Epistocracy is on the rise. The chapters in this volume all document, in one way or another, the role of experts and knowledge organizations in the development of global policies and their implementation by international organizations, donor agencies, and other globally mobile policy actors. The constellations of these actors are called here ‘transnational policy communities’. They form around a specific policy problem (like refugees or ocean pollution) or alternatively around a policy sector (like global health policy or global environmental policy). Other terms have been used in this volume. Eve Fouilleux writes about the concept of a transnational ‘organizational/institutional field’ that is composed of both a set of institutions, including practices, understandings, and rules as well as a network of organizations. It matters less the terminology used, and the disciplinary or conceptual frame adopted, as all the chapters point to new spaces for making global policy not only inside international organizations but also in their interactions. These transnational policy communities help fill the void of authority at the global and regional levels where there are ‘non jurisdictional spaces’ such as the oceans, the Antarctic, or global care chains.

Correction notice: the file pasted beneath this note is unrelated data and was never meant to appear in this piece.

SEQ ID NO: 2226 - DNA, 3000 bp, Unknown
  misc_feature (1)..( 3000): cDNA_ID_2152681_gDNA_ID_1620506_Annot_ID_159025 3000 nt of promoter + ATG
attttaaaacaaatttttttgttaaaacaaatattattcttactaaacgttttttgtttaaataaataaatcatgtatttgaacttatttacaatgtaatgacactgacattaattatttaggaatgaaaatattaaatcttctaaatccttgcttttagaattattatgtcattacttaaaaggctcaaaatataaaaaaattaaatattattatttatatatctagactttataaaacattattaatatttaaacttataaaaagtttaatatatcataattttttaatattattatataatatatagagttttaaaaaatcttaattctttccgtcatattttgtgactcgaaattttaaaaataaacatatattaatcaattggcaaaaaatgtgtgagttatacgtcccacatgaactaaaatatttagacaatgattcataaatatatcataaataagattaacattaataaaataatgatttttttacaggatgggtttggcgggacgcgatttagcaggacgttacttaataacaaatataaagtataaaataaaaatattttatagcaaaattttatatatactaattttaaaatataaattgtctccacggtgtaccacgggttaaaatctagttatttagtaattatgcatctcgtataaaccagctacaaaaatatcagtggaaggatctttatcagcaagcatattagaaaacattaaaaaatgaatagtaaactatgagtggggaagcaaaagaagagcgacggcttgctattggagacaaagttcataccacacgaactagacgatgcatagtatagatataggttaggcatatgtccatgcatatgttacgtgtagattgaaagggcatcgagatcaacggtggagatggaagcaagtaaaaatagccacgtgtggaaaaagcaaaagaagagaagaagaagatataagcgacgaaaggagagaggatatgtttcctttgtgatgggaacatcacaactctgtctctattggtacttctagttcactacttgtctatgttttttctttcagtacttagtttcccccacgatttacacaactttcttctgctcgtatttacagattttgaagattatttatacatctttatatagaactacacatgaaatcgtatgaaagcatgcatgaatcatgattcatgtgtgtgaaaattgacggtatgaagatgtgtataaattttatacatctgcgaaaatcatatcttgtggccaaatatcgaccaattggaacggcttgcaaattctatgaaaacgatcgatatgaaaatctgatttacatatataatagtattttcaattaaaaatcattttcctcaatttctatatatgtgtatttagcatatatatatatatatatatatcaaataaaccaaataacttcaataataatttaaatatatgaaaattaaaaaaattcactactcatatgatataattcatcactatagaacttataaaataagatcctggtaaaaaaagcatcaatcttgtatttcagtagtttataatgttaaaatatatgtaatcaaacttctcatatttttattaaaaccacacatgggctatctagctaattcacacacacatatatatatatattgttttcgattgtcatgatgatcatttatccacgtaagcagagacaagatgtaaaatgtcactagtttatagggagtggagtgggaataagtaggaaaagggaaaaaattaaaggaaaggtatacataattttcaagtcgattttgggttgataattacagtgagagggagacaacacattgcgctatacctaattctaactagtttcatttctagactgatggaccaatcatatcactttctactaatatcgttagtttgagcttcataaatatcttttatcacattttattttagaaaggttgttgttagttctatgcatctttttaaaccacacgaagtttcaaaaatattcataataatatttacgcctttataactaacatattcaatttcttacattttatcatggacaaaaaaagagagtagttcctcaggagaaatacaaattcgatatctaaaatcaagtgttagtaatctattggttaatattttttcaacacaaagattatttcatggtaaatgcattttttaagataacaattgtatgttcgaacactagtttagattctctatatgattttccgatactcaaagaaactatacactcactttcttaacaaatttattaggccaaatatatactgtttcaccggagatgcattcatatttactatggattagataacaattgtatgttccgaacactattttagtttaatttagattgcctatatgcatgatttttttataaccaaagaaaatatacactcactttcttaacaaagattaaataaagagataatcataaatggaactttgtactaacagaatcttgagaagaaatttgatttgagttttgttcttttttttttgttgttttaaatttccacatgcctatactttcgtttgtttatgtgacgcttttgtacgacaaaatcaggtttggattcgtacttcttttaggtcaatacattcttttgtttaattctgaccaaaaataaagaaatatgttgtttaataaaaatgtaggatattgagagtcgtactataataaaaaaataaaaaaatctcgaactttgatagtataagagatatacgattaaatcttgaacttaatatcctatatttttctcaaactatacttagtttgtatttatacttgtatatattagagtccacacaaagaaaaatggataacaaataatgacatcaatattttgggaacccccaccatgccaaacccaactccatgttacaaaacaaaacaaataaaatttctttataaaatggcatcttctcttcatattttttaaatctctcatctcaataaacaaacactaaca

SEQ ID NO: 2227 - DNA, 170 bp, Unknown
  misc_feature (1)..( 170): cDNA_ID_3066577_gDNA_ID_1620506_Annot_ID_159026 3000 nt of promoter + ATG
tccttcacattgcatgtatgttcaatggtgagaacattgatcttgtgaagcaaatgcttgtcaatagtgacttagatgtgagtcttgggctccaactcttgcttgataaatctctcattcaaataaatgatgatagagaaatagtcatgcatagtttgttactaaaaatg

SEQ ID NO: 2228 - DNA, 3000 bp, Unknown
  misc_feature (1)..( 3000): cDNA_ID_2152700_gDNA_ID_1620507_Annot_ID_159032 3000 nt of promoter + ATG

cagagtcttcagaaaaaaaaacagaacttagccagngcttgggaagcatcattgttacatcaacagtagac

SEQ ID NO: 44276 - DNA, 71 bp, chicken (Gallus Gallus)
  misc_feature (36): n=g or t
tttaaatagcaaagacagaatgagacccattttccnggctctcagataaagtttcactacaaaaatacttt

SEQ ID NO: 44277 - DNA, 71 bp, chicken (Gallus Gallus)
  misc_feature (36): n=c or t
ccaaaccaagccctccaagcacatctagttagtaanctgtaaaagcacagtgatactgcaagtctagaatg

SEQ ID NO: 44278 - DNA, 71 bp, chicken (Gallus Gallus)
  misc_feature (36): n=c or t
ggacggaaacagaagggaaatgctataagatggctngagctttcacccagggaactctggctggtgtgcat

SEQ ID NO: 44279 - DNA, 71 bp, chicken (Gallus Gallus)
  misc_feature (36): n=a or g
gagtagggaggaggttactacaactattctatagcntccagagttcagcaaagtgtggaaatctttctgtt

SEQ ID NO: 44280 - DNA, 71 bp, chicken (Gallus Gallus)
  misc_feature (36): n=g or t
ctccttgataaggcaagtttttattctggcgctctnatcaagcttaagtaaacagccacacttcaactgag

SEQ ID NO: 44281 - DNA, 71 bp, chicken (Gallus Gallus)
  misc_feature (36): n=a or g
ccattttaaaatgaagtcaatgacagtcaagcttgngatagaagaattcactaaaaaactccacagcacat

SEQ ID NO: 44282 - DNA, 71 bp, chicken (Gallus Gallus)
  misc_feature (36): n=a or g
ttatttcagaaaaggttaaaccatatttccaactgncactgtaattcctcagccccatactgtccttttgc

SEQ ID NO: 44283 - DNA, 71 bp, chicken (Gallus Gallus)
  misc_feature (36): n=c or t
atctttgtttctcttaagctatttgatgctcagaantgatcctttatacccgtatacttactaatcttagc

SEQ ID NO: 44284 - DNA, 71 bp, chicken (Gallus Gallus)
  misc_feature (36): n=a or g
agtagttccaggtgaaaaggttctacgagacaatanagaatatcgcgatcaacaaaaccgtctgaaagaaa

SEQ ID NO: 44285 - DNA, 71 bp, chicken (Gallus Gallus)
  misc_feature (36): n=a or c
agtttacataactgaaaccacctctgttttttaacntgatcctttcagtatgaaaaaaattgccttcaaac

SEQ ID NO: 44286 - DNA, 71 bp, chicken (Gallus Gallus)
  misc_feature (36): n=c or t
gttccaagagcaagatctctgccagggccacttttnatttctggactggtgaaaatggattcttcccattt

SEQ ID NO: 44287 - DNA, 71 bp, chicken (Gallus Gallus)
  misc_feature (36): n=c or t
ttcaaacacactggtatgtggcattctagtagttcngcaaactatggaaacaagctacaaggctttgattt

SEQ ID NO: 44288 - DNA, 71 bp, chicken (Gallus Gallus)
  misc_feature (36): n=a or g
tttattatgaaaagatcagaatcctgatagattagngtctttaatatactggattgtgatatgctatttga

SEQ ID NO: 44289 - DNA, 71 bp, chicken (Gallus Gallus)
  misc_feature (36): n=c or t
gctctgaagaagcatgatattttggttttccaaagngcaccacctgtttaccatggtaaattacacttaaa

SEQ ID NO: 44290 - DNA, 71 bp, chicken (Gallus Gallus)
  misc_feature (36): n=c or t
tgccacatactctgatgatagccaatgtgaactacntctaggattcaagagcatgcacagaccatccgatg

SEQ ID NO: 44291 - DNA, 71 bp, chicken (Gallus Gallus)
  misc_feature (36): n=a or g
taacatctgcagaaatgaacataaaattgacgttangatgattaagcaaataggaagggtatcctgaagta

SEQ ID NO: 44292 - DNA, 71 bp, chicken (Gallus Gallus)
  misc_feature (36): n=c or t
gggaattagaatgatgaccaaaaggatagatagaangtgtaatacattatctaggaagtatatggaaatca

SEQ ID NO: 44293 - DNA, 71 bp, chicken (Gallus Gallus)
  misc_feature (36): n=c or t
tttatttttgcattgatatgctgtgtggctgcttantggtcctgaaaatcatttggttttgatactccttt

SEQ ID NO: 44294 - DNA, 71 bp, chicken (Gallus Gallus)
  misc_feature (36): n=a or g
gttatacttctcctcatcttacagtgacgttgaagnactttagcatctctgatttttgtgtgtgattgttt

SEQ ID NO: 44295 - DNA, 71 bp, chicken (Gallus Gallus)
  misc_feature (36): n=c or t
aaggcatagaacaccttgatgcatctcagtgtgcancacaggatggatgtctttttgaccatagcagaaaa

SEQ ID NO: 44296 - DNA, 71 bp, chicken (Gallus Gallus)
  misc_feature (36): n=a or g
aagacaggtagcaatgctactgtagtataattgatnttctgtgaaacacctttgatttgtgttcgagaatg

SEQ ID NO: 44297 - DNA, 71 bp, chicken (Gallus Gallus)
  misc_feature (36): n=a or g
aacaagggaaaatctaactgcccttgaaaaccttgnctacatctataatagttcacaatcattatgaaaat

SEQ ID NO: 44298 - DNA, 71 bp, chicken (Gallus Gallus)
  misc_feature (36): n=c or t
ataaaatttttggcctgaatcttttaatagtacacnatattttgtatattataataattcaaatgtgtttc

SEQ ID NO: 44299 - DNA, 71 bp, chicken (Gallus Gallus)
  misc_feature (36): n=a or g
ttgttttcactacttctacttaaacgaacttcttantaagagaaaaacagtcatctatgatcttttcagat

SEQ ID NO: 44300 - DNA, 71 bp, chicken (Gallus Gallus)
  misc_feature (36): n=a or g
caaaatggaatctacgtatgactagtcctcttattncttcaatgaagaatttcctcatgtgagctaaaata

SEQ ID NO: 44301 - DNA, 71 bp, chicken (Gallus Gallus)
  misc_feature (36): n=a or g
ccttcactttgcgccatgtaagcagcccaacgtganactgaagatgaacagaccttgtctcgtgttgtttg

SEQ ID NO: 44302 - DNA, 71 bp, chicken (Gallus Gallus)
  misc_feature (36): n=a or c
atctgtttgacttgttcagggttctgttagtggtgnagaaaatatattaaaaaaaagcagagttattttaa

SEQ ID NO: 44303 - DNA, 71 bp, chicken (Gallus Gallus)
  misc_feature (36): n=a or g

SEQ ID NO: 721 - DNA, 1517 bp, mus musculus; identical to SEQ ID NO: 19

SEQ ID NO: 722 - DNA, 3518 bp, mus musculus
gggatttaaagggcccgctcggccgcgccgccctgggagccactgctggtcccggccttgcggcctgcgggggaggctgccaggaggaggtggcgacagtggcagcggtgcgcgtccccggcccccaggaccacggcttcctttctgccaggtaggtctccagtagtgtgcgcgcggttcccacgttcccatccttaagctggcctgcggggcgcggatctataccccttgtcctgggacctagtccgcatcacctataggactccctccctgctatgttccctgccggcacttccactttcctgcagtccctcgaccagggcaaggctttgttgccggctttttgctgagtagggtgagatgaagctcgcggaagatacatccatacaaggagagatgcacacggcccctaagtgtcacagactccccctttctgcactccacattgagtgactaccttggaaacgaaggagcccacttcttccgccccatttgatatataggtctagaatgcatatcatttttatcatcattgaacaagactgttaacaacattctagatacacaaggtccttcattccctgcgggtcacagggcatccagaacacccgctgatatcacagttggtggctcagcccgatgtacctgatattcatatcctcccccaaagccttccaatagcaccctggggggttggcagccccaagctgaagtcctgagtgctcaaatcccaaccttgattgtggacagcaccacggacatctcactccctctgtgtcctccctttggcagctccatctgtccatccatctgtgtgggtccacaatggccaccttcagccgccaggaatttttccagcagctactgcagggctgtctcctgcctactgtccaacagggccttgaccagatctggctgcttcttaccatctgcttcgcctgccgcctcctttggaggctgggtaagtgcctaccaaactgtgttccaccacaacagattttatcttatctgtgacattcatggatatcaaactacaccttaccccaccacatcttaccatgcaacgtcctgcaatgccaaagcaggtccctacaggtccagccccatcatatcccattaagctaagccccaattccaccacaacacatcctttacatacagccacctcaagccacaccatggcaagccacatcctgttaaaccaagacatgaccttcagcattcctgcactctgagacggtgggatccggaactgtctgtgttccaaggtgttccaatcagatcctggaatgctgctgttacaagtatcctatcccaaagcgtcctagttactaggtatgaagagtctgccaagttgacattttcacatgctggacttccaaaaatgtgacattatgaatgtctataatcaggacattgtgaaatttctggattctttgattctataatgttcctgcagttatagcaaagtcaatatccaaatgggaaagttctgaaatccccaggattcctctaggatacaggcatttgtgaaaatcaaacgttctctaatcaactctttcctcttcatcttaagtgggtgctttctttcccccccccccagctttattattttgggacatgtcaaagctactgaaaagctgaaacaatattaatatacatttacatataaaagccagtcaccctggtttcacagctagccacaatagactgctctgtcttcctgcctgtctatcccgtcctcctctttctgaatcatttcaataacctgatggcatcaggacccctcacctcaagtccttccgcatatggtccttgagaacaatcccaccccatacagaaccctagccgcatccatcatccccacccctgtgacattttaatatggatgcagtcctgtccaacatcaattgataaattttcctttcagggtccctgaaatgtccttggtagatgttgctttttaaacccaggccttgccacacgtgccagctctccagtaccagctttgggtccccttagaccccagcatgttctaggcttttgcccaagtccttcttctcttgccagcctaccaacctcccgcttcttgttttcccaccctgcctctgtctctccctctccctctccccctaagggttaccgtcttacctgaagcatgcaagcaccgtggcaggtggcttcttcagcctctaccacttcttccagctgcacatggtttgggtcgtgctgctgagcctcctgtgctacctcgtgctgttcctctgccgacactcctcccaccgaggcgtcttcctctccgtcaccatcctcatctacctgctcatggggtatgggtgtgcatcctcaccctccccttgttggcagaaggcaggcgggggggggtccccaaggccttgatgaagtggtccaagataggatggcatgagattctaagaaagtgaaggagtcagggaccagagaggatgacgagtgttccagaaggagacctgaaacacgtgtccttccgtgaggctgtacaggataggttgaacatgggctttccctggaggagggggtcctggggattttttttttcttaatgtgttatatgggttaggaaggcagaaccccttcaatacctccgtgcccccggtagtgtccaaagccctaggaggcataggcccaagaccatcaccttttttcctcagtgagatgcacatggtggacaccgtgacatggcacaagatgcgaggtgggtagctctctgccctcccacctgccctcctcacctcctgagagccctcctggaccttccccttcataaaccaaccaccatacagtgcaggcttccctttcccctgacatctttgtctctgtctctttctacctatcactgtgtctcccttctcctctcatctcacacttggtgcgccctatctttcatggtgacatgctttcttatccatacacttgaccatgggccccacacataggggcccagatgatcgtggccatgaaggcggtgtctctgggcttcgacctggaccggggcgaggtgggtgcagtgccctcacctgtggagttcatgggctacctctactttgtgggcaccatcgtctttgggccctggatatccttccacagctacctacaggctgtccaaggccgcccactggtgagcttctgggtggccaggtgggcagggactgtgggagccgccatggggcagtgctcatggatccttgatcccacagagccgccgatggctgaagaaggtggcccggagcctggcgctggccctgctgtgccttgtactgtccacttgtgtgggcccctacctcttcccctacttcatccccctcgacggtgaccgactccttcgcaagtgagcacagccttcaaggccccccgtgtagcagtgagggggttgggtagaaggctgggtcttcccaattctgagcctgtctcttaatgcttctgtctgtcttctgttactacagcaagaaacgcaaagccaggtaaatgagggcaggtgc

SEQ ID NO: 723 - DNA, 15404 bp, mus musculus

|Title of host publication||Shaping Policy Agendas|
|Subtitle of host publication||The Micro-Politics of Economic International Organizations|
|Editors||David Dolowitz, Magdaléna Hadjiisky, Romuald Normand|
|Place of Publication||United Kingdom|
|Publisher||Edward Elgar Publishing|
|Number of pages||6|
|Publication status||Published - 10 Jan 2020|